First, understand all of your different customer personas and journeys. Every journey will vary depending on the size of the client and the complexity of the product suite.
Second, you have to understand what value looks like for each of these businesses. You should be working directly with Product & Acquisition or your Finance partners to determine some of the internal cost-to-serve constraints, but also from a service tiering perspective. Are there logical ways to bucket based on spend or complexity, where we feel that we’re able to service those customers and deliver the appropriate level of value for their investment?
Third, you need to test and pilot your changes. We’ve been fortunate enough to be able to do that at LinkedIn - not many companies allow for that testing phase, and instead just roll changes out immediately. You have to have a mindset of continuous improvement. Identify those areas where you feel that you’re going to get the biggest bang for your buck; where you’ve got the biggest, most challenging hypothesis, and then test it as best you can.
I have a good example that illustrates what I’m talking about.
When I first started at LinkedIn, every customer had their own assigned CSM. When the client had a product or a feature query, they would phone their CSM and try to get an answer. The query would normally be answered within 24 hours. As we continued to grow and expand, the number of users kind of just exploded by ten, maybe a hundred times. The reality quickly set in, where that level of service was no longer sustainable.
So we implemented a live chat via our support center. And now, the current average response time is less than three minutes.
Does it really matter to the client that they speak to their named CSM? Or does that end user just want that product feature question answered in the shortest amount of time? Now, you can have your questions answered within a three-minute window from anywhere in the world in real-time.
We’ve seen product engagement increase at all levels - small business, mid market, and our largest clients. We’ve been able to shift and focus our internal resources, which are finite and fixed, to far more meaningful interactions with our largest clients. Those are the ones that have the greatest risks, greatest growth, or the highest degree of complexity.
One big challenge was helping shift the mindset away from “every customer is equally important” and “every dollar counts equally.”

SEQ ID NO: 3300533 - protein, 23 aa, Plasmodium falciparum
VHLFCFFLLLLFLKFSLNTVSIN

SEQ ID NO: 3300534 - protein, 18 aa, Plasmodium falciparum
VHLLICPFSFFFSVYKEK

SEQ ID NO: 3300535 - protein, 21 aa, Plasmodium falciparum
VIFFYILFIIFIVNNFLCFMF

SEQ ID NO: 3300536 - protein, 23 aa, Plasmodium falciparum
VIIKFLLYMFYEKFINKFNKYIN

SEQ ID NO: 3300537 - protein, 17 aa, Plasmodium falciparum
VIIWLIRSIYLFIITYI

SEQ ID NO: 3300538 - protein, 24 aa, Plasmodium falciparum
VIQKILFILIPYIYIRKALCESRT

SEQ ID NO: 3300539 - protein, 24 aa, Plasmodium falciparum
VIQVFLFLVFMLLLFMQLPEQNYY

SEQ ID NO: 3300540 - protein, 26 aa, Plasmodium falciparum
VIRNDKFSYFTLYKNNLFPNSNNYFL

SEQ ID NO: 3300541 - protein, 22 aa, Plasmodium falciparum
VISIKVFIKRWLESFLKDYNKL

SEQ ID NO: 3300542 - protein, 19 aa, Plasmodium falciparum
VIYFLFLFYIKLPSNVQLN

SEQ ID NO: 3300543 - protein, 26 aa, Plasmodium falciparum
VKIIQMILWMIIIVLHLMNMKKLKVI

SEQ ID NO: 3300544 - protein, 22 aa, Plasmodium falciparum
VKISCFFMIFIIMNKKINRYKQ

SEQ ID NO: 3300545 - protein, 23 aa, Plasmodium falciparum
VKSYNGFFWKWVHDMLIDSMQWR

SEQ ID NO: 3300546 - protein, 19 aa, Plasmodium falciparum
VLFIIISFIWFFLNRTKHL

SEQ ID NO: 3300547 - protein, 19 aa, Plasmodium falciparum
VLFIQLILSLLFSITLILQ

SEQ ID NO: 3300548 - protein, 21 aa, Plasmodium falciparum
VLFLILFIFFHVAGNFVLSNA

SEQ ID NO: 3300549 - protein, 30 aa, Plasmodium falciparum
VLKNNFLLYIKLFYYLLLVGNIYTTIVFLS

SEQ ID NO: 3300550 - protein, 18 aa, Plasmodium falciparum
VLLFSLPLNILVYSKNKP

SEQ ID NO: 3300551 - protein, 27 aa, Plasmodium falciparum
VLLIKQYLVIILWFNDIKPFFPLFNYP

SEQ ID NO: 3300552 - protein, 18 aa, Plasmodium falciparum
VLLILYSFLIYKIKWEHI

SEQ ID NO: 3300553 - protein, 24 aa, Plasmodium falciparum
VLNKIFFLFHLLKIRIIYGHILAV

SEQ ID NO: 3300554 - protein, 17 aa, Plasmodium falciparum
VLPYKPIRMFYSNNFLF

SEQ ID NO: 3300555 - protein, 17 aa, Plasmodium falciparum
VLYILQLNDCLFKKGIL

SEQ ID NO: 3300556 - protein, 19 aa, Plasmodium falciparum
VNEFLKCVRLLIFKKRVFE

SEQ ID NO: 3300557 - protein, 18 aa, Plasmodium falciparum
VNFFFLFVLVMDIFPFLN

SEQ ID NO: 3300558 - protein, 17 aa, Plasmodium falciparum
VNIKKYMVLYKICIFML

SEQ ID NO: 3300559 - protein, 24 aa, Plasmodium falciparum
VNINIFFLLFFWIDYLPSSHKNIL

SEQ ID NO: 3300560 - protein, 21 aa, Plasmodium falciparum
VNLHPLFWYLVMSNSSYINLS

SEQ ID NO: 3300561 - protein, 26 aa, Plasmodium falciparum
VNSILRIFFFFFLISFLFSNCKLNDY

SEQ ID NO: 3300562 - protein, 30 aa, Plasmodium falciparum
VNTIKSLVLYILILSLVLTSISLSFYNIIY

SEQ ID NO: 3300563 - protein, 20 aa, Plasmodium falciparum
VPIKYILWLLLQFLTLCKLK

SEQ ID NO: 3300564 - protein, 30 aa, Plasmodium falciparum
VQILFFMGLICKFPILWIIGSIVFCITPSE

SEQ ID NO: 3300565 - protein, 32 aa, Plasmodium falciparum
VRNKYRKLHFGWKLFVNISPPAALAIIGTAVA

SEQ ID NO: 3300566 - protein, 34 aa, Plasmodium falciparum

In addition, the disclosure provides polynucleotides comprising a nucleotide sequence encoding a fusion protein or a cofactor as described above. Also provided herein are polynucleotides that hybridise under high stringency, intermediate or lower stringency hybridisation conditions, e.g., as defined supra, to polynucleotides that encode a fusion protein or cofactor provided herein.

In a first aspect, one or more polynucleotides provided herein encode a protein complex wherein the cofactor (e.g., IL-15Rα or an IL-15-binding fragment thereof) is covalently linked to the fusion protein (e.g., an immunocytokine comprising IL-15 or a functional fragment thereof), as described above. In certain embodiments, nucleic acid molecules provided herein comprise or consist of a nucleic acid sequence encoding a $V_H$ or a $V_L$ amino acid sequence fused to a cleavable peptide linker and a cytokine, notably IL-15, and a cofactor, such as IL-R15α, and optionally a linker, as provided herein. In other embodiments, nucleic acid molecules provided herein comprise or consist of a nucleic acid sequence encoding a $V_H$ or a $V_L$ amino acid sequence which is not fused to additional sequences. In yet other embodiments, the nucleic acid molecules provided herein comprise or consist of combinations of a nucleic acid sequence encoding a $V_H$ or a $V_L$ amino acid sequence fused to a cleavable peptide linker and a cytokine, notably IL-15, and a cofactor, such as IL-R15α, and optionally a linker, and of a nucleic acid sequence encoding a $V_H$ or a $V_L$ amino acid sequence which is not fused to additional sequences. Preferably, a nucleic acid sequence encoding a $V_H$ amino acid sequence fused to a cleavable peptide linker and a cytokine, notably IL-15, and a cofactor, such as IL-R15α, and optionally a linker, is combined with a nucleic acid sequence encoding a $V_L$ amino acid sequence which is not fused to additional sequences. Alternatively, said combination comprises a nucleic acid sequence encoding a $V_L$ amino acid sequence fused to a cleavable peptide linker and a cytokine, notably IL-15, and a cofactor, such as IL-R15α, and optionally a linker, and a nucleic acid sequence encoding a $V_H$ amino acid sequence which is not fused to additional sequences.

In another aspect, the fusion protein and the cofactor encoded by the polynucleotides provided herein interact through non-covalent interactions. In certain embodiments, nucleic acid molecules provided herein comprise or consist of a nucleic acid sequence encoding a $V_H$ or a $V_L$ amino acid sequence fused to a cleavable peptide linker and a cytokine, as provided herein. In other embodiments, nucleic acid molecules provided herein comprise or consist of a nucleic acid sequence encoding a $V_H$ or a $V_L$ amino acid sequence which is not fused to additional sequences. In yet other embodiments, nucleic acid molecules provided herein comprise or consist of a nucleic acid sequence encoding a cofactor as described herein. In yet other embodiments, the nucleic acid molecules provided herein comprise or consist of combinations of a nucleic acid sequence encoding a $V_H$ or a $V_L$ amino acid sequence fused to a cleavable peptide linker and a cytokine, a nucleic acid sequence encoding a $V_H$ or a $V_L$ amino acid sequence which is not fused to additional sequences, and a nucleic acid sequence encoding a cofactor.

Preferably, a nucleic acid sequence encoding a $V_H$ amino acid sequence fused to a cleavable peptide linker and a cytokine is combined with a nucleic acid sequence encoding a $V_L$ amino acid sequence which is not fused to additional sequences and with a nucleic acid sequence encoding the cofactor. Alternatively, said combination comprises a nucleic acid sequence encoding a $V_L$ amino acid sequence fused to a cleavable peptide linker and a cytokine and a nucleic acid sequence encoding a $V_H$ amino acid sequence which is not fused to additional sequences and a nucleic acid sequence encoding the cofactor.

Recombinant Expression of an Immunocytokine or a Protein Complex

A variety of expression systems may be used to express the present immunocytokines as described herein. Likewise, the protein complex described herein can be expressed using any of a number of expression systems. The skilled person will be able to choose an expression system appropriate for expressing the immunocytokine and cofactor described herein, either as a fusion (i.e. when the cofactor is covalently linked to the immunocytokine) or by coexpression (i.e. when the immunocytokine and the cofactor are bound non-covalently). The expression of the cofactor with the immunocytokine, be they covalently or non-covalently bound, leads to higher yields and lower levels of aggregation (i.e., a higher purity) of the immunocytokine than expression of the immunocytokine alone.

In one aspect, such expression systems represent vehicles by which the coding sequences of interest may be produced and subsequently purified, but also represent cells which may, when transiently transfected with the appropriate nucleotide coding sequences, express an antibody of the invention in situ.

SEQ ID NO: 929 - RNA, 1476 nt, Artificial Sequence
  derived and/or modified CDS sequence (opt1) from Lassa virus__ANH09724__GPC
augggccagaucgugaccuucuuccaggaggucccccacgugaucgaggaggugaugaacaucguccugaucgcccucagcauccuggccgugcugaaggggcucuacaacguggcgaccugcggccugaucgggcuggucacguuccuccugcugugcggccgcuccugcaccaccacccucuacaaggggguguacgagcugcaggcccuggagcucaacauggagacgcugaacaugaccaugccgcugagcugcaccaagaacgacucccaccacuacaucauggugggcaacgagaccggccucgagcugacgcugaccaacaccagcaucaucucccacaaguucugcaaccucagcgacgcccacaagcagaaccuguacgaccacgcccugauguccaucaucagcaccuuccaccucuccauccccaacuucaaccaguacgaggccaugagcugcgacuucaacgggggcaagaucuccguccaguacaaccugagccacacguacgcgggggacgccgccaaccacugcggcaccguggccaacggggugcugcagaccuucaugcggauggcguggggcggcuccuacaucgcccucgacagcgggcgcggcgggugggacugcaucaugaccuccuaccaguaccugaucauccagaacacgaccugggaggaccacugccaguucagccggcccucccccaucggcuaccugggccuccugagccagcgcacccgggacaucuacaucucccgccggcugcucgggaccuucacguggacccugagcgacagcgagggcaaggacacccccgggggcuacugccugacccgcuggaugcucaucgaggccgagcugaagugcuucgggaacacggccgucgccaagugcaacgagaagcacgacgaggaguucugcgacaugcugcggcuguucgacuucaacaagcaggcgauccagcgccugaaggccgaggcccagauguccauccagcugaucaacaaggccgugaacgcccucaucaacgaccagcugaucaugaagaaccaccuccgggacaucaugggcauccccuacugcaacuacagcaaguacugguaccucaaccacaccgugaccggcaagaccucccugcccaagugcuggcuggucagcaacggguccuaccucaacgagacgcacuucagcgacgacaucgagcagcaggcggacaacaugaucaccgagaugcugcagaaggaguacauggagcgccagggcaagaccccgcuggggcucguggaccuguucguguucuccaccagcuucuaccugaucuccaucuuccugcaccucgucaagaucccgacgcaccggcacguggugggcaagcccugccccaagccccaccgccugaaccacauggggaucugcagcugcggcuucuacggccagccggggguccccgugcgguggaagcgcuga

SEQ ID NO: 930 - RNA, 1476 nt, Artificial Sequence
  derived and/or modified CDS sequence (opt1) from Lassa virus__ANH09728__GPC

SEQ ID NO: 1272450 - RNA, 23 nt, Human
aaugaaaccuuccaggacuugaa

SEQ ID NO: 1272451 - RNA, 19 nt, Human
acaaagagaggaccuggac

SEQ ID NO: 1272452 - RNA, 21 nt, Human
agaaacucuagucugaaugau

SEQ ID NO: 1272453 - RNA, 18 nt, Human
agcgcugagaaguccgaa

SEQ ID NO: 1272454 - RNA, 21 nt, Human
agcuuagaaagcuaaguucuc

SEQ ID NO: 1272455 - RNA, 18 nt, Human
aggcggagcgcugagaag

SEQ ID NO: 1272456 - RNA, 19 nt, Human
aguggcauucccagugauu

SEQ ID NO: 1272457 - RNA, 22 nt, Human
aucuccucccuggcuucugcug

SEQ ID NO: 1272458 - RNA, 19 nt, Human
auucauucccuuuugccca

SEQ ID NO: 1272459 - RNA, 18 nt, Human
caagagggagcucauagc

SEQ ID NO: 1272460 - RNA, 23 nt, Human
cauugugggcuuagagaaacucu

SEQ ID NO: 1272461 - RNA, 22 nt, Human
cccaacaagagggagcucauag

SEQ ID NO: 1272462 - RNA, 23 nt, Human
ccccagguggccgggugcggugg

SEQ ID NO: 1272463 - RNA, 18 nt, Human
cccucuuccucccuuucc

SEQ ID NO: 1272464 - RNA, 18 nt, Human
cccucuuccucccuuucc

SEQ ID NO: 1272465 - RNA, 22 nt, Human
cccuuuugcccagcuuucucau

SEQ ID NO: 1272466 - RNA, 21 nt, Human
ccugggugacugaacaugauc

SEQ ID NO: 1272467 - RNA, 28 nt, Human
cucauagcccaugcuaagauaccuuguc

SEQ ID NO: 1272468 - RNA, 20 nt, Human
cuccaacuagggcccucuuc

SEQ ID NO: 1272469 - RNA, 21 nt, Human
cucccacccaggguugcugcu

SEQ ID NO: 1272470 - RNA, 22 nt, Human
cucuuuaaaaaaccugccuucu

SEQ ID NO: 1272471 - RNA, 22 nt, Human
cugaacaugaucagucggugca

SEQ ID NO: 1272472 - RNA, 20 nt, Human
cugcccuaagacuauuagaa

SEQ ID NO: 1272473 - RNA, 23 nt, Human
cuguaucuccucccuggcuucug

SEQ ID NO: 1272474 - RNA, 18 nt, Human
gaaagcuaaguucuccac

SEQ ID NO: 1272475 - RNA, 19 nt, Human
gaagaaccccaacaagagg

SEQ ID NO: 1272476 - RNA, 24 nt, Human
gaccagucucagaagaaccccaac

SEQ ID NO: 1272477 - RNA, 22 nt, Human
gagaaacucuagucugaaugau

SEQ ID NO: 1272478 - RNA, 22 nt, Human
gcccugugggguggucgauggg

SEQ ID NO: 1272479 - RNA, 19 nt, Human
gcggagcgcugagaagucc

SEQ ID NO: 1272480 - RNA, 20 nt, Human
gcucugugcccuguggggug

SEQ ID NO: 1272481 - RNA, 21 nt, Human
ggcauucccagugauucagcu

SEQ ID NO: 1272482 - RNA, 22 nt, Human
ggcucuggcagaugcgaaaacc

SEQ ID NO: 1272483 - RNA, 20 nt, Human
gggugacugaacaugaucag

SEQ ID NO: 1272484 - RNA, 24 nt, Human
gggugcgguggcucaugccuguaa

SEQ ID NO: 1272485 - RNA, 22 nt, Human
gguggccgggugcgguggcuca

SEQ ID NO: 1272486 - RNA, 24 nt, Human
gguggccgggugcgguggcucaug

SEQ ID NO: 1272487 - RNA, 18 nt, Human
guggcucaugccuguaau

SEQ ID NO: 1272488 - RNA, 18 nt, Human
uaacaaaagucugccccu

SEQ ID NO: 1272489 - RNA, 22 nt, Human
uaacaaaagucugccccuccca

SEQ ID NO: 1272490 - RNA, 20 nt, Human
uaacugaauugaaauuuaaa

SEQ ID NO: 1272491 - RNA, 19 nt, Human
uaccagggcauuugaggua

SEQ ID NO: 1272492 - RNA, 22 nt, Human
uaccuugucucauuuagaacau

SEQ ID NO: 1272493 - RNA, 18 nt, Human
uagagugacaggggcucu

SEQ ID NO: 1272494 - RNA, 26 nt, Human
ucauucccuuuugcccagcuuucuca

There are different ways to service different clients based on either their service tiers or their level of complexity. That’s something we had to very tread lightly around because everything is in-house. One of the ways we got around that was by providing sales and CS professionals the ability to flag or prioritize any accounts.
Regardless of that account’s size and our perceived understanding of what value would look like for them, if the sales rep wanted to flag this account for either significant growth or as a churn risk, we have a mechanism in place. Flagged accounts get four times as much outreach and support as those that aren’t flagged. It’s kind of like a “breaker” in the support system.
I just want to reiterate that I definitely don’t think it’s a choice between delight or appropriate levels of value. I think it’s both.
It’s understanding what value looks like; what “good” and “great” look like for your customer. It’s about knowing your clients’ different personas and helping them understand all the ways you’re going to be supporting them.
We need to make sure they understand the value of the self-service options, the webinars, and the online learning, etc. Not just relying on a human being to be there at every point. That’s why I focus on getting to that mutual level of understanding and that up-front social contract in terms of how we’re going to partner.
Founded in 2003, LinkedIn connects the world's professionals to make them more productive and successful. With more than 756 million members worldwide, including executives from every Fortune 500 company, LinkedIn is the world's largest professional network. The company has a diversified business model with revenue coming from Talent Solutions, Marketing Solutions, Sales Solutions and Premium Subscriptions products. Headquartered in Silicon Valley, LinkedIn has offices across the globe.